Pelican Island isn’t just a National Wildlife Refuge, it’s the National Wildlife Refuge that started the whole concept going, back in 1903. Even further back, in 1858, the small island in the Indian River Lagoon – offshore from where the refuge access is today – was documented as a brown pelican breeding ground.
On March 14, 1903, President Theodore Roosevelt signed an order to designate Pelican Island as the first Federal bird reservation, the first time ever the government set aside land for wildlife. The National Wildlife Refuge system evolved out of this act, as did our National Parks and National Forests. On March 14, 2003, the Centennial Trail was the centerpiece of a nationwide celebration of the National Wildlife Refuge system. The ¾ mile Centennial Trail is the shortest and easiest of the three trails at the refuge, and it’s also wheelchair accessible – paved or boardwalk its entire length.
Two other trails within the refuge are available for walking around the mangrove-lined impoundments – Bird’s Impoundment Trail and Pete’s Impoundment Trail. Each is a 2.5 mile loop with little shade but plenty of birding opportunities.
Location: Orchid Island
Length: 0.8 mile
Lat-Long: 27.803342, -80.429350
Fees / Permits: free
Bug factor: moderate
Restroom: Yes, at another trailhead
From the junction of CR 510 (east of Sebastian) and A1A, follow A1A north 3.5 miles to park sign on left; turn left onto “Jungle Trail” and follow it 0.6 mile past the Jungle Trail parking area to the main entrance on the right. The paved Centennial Trail starts at the handicapped parking area.
The whole reason to take this little hike, of course, is for the birds. An extensive history is presented on the refuge website, but to sum it up, a local homesteader, Paul Kroegel, made it his mission to stand guard over the nesting pelicans back in the late 1880s. When it was discovered that the island was the last breeding ground for brown pelicans on the East Coast of Florida, the Florida Audubon Society hired Krogel to do what he was already doing—protecting the birds from hunters. There were no laws against hunting them. Based on Audubon’s findings, President Theodore Roosevelt signed an order to designate Pelican Island as the first Federal bird reservation, the first time the government set aside land for wildlife. Krogel became its first manager.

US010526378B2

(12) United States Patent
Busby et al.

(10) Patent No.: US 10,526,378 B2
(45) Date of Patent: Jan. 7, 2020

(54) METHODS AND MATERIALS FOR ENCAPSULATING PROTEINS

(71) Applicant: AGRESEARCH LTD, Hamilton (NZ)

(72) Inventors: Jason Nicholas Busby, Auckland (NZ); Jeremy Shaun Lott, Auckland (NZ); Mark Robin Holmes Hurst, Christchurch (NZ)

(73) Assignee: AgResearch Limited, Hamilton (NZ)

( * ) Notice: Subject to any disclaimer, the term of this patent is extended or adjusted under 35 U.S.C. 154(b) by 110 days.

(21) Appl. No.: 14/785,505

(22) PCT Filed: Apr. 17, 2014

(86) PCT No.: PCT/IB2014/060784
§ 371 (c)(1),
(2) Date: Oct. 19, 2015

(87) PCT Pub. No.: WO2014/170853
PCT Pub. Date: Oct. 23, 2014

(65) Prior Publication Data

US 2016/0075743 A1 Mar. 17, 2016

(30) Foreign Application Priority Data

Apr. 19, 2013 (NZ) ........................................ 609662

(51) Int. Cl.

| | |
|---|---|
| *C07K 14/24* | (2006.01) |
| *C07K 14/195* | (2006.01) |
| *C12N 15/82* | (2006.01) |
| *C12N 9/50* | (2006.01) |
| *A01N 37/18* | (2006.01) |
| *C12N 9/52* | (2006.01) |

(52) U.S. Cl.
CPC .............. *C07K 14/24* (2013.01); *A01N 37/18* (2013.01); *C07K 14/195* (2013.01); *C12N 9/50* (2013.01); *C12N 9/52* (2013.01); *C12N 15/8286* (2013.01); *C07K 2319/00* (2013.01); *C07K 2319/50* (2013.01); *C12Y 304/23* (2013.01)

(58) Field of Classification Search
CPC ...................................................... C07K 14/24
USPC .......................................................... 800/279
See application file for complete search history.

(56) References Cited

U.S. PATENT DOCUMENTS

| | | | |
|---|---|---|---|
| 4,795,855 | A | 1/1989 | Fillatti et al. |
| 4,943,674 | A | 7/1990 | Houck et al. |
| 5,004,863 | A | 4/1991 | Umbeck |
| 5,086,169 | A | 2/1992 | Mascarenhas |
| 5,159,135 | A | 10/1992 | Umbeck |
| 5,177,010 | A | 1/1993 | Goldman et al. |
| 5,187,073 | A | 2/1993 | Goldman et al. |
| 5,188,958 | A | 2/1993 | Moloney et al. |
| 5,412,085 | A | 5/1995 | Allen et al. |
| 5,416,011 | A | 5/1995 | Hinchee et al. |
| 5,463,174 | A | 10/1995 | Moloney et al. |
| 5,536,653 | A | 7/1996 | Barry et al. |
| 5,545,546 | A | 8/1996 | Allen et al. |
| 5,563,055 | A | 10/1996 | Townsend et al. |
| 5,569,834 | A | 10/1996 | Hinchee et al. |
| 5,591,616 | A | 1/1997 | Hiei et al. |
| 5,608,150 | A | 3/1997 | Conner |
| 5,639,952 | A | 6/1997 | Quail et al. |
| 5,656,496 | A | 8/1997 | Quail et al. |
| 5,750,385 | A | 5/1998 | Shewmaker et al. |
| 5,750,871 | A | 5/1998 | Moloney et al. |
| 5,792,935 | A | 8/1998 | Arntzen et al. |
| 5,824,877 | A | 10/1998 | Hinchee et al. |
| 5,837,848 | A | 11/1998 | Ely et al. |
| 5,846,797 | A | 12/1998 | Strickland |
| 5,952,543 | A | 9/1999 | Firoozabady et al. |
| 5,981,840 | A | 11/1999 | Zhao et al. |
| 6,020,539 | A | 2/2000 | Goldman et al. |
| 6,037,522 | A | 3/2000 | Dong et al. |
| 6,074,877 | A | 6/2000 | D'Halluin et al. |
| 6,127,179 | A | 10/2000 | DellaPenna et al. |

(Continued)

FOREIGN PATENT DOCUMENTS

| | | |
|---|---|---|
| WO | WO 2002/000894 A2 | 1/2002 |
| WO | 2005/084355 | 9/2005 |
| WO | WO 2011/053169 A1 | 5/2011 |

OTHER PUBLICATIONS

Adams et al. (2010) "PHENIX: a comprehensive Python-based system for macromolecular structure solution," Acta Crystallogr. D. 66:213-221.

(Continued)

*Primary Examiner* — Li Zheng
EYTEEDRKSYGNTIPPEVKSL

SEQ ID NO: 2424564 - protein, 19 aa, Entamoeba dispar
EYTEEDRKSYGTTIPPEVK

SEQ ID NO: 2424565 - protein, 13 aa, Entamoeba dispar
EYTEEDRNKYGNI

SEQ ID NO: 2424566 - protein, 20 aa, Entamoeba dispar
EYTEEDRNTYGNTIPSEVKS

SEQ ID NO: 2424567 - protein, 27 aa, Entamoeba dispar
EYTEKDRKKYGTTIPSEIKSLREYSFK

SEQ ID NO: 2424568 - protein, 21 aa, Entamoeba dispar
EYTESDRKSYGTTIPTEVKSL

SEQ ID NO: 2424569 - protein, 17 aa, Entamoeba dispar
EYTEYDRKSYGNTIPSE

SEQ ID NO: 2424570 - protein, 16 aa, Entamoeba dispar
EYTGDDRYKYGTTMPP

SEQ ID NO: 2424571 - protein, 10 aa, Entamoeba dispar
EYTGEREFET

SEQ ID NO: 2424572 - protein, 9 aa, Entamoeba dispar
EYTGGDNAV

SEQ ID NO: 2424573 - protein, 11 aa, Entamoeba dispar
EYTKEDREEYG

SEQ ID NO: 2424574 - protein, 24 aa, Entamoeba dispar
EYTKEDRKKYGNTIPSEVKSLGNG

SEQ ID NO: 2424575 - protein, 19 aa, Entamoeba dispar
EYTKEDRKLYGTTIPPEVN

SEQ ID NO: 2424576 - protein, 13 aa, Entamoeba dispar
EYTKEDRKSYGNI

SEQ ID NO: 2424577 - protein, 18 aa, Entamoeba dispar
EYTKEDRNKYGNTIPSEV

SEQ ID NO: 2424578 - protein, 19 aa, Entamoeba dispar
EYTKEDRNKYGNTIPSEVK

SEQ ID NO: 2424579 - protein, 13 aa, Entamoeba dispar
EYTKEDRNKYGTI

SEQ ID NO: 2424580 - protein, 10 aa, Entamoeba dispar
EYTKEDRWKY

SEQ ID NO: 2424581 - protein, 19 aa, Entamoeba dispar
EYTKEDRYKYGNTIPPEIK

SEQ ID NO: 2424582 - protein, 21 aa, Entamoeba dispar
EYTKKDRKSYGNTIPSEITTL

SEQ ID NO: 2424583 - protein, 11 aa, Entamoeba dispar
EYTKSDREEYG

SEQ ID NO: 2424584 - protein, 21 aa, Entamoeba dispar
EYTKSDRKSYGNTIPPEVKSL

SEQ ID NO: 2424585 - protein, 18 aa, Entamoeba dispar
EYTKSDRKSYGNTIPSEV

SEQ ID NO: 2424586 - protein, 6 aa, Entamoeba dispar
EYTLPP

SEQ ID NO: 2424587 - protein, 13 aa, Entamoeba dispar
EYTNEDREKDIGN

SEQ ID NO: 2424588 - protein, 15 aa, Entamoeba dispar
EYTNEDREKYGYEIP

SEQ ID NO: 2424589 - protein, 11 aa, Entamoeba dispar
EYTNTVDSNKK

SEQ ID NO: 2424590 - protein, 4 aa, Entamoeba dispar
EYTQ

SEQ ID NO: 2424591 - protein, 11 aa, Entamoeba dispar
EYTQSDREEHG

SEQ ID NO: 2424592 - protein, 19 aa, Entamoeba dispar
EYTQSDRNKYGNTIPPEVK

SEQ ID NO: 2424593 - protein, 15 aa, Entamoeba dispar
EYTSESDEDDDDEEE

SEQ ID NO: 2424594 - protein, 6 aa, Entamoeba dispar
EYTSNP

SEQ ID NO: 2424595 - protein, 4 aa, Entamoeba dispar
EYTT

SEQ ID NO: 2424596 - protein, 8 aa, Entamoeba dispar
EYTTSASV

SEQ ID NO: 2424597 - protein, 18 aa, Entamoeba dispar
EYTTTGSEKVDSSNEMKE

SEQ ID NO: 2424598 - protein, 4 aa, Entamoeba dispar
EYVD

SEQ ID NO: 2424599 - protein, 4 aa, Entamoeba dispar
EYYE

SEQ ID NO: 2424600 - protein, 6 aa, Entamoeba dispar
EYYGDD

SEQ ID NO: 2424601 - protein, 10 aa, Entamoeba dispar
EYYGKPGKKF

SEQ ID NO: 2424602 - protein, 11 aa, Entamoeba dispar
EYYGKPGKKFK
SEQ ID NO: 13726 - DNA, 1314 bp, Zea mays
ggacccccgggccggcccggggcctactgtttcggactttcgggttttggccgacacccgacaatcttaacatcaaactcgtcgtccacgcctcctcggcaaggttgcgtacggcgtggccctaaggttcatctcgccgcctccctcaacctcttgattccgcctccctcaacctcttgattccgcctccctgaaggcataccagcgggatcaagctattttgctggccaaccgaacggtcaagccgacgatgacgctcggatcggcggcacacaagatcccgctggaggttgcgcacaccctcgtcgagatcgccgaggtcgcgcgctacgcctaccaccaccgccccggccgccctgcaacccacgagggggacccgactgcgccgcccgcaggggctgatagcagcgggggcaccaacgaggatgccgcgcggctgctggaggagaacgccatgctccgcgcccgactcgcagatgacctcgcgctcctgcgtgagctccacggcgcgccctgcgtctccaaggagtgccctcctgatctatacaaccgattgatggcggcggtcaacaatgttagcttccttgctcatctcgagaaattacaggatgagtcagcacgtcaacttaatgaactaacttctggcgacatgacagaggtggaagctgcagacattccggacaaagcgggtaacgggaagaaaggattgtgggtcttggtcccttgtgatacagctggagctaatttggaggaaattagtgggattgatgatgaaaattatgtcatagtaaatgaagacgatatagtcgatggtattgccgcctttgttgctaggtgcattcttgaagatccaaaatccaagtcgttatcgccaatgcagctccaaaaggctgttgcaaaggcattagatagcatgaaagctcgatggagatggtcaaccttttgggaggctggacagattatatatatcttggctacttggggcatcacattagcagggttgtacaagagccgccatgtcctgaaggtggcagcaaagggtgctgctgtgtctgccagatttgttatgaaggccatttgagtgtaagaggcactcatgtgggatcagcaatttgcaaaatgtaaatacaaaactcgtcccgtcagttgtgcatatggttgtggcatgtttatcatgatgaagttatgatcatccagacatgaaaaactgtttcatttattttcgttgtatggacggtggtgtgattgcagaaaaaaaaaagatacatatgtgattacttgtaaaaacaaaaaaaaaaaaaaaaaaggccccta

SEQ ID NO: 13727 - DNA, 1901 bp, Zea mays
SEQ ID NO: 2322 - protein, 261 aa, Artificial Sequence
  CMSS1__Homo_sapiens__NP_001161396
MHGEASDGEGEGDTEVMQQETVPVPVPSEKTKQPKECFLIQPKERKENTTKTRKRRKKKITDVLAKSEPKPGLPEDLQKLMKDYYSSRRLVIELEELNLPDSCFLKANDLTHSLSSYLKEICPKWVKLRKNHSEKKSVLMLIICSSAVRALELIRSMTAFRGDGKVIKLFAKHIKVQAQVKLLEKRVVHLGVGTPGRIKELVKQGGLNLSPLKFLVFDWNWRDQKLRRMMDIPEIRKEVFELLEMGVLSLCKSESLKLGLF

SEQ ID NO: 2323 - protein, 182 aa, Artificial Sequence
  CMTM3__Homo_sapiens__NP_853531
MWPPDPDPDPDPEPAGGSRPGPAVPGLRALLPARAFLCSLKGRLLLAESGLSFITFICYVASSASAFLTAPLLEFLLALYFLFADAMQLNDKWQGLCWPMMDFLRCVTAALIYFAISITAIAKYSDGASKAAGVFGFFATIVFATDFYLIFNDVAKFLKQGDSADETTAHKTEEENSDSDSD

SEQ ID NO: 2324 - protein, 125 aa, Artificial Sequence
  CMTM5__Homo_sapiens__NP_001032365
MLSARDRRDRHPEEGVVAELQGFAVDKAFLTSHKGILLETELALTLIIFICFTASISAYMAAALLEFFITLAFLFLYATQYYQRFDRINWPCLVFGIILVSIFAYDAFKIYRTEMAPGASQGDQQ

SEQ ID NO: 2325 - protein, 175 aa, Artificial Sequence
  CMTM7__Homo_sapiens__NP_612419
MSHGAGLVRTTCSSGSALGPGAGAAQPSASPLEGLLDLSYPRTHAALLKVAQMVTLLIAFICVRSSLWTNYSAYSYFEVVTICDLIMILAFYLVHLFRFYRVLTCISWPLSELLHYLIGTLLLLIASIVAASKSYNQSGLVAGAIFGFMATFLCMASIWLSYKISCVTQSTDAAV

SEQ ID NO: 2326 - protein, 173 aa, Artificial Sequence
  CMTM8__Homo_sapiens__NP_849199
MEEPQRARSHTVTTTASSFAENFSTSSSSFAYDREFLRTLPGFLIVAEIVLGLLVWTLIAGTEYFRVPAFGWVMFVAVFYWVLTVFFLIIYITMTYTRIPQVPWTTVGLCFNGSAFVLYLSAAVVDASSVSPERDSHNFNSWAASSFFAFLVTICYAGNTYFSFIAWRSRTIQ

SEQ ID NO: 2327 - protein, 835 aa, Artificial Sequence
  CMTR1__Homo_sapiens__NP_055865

You’ll see your share of birds on this short walk. Our first sighting started with the impoundment adjacent to the welcome and historical kiosk. A black skimmer was showing off its skimming behavior, swooping low to the water and shoveling it up with his bill. It was worth some time on a trailside bench to watch his technique. The trail winds away from the impoundment and along the edge of a wetland you’d expect to see along the Indian River Lagoon, with cabbage palms and tall grasses.
As the paved path rounds a bend past a kiosk on the history of the National Wildlife Refuge system, it reaches the Centennial Boardwalk. Look underfoot as you head up this long, long ramp. The names and dates founded of each of the National Wildlife Refuges are listed, although some have faded in the sun or through the wear of foot traffic. Looking down and out, you’ll see a mangrove lined canal popular with herons and egrets. Alligators lie in wait just beneath the surface along the brackish mud flats. A cormorant might be drying its wings while perched on a mangrove.
At the end of the boardwalk is a covered observation deck with two free telescopes for viewing Pelican Island. It doesn’t look like much, just one of the hundreds of mangrove-covered islands in the Indian River Lagoon, but it’s a nesting area for brown pelicans. And at the time that was discovered, back in 1903, there weren’t a lot of brown pelicans left. Use your own binoculars or the telescope to sweep over Pelican Island and its adjacent islands. You’ll see all sorts of avian life, from ospreys to green herons to the pelicans themselves doing pelican dives into the shallows in search of a meal. Spend a little time here, enjoying the view, the breeze, and the bird life. And be thankful that more than a century ago, our forefathers had the foresight to start saving habitat for species that were disappearing. I hope we continue to walk in their footsteps.